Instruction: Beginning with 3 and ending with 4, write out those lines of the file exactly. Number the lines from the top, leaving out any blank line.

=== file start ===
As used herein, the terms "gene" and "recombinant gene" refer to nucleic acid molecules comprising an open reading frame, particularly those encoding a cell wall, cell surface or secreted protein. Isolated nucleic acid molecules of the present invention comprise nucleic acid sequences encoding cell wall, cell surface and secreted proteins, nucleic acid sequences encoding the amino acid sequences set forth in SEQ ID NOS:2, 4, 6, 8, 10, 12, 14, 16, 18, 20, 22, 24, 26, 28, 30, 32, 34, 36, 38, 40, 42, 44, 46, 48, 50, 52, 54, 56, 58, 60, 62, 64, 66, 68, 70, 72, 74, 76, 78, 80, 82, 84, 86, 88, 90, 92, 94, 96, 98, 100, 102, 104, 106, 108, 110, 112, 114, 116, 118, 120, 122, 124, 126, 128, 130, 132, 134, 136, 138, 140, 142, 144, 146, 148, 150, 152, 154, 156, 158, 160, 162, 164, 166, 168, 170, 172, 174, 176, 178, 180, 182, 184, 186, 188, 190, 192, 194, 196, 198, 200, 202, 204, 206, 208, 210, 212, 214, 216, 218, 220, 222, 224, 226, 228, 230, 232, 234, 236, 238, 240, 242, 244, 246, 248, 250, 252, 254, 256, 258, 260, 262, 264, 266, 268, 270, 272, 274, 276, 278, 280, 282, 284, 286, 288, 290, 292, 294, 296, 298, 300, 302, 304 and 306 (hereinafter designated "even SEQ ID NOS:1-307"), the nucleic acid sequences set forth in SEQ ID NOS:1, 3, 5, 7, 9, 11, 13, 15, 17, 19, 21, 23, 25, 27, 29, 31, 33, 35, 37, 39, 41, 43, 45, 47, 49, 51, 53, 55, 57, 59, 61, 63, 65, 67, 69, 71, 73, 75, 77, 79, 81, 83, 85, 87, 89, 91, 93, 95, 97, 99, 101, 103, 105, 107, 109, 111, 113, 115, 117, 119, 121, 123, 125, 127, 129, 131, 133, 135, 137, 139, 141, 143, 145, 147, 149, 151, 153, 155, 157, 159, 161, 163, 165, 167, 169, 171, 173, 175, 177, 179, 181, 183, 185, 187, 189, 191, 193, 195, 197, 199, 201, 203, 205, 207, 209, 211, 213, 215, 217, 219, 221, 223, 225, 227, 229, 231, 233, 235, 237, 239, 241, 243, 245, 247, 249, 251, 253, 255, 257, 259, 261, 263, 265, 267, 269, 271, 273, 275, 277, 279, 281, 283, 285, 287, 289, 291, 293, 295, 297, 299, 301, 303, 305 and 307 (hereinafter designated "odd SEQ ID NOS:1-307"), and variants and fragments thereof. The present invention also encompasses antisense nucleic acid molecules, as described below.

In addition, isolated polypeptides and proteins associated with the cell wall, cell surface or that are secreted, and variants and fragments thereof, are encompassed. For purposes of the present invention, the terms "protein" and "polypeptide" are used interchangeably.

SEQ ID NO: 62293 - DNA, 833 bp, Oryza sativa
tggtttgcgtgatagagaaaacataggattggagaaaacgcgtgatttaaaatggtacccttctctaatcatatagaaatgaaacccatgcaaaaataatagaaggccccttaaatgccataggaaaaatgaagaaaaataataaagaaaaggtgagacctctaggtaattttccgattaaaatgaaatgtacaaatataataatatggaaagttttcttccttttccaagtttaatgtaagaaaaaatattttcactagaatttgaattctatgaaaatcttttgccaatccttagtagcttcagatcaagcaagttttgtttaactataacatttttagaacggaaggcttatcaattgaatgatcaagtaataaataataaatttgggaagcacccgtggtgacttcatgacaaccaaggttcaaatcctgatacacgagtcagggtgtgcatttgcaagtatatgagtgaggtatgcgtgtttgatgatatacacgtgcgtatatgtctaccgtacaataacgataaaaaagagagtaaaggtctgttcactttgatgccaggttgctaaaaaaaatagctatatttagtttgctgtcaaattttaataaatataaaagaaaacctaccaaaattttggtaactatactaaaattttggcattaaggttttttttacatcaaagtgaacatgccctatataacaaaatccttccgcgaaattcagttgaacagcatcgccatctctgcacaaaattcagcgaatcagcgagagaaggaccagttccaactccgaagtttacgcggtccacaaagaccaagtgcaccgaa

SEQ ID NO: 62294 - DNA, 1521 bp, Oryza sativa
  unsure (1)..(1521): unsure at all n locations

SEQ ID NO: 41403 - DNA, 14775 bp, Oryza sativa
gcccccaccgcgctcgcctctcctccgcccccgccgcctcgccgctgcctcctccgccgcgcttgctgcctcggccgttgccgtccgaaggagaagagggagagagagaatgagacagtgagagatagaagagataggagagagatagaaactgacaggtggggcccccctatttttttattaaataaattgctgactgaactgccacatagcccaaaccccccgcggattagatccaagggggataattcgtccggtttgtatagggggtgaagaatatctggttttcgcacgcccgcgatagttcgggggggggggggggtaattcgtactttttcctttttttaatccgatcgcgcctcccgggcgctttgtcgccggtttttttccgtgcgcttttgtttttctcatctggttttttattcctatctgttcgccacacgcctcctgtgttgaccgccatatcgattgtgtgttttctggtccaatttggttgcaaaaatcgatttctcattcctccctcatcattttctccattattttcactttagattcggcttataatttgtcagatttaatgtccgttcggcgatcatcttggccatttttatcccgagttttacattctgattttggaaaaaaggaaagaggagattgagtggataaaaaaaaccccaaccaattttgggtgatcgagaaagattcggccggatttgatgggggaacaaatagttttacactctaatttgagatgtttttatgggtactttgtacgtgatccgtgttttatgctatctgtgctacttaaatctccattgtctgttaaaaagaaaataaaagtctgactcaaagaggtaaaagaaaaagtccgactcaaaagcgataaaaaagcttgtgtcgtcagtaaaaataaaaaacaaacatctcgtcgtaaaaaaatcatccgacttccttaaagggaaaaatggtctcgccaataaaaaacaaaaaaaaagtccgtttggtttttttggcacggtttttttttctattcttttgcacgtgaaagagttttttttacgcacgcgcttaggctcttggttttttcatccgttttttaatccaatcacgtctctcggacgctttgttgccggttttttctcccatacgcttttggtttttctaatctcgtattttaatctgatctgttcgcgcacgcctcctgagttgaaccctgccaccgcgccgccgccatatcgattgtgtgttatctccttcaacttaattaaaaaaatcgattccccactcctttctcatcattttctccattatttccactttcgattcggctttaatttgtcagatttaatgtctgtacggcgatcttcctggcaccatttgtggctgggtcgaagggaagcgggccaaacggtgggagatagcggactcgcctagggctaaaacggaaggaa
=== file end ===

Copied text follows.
SEQ ID NO: 62293 - DNA, 833 bp, Oryza sativa
tggtttgcgtgatagagaaaacataggattggagaaaacgcgtgatttaaaatggtacccttctctaatcatatagaaatgaaacccatgcaaaaataatagaaggccccttaaatgccataggaaaaatgaagaaaaataataaagaaaaggtgagacctctaggtaattttccgattaaaatgaaatgtacaaatataataatatggaaagttttcttccttttccaagtttaatgtaagaaaaaatattttcactagaatttgaattctatgaaaatcttttgccaatccttagtagcttcagatcaagcaagttttgtttaactataacatttttagaacggaaggcttatcaattgaatgatcaagtaataaataataaatttgggaagcacccgtggtgacttcatgacaaccaaggttcaaatcctgatacacgagtcagggtgtgcatttgcaagtatatgagtgaggtatgcgtgtttgatgatatacacgtgcgtatatgtctaccgtacaataacgataaaaaagagagtaaaggtctgttcactttgatgccaggttgctaaaaaaaatagctatatttagtttgctgtcaaattttaataaatataaaagaaaacctaccaaaattttggtaactatactaaaattttggcattaaggttttttttacatcaaagtgaacatgccctatataacaaaatccttccgcgaaattcagttgaacagcatcgccatctctgcacaaaattcagcgaatcagcgagagaaggaccagttccaactccgaagtttacgcggtccacaaagaccaagtgcaccgaa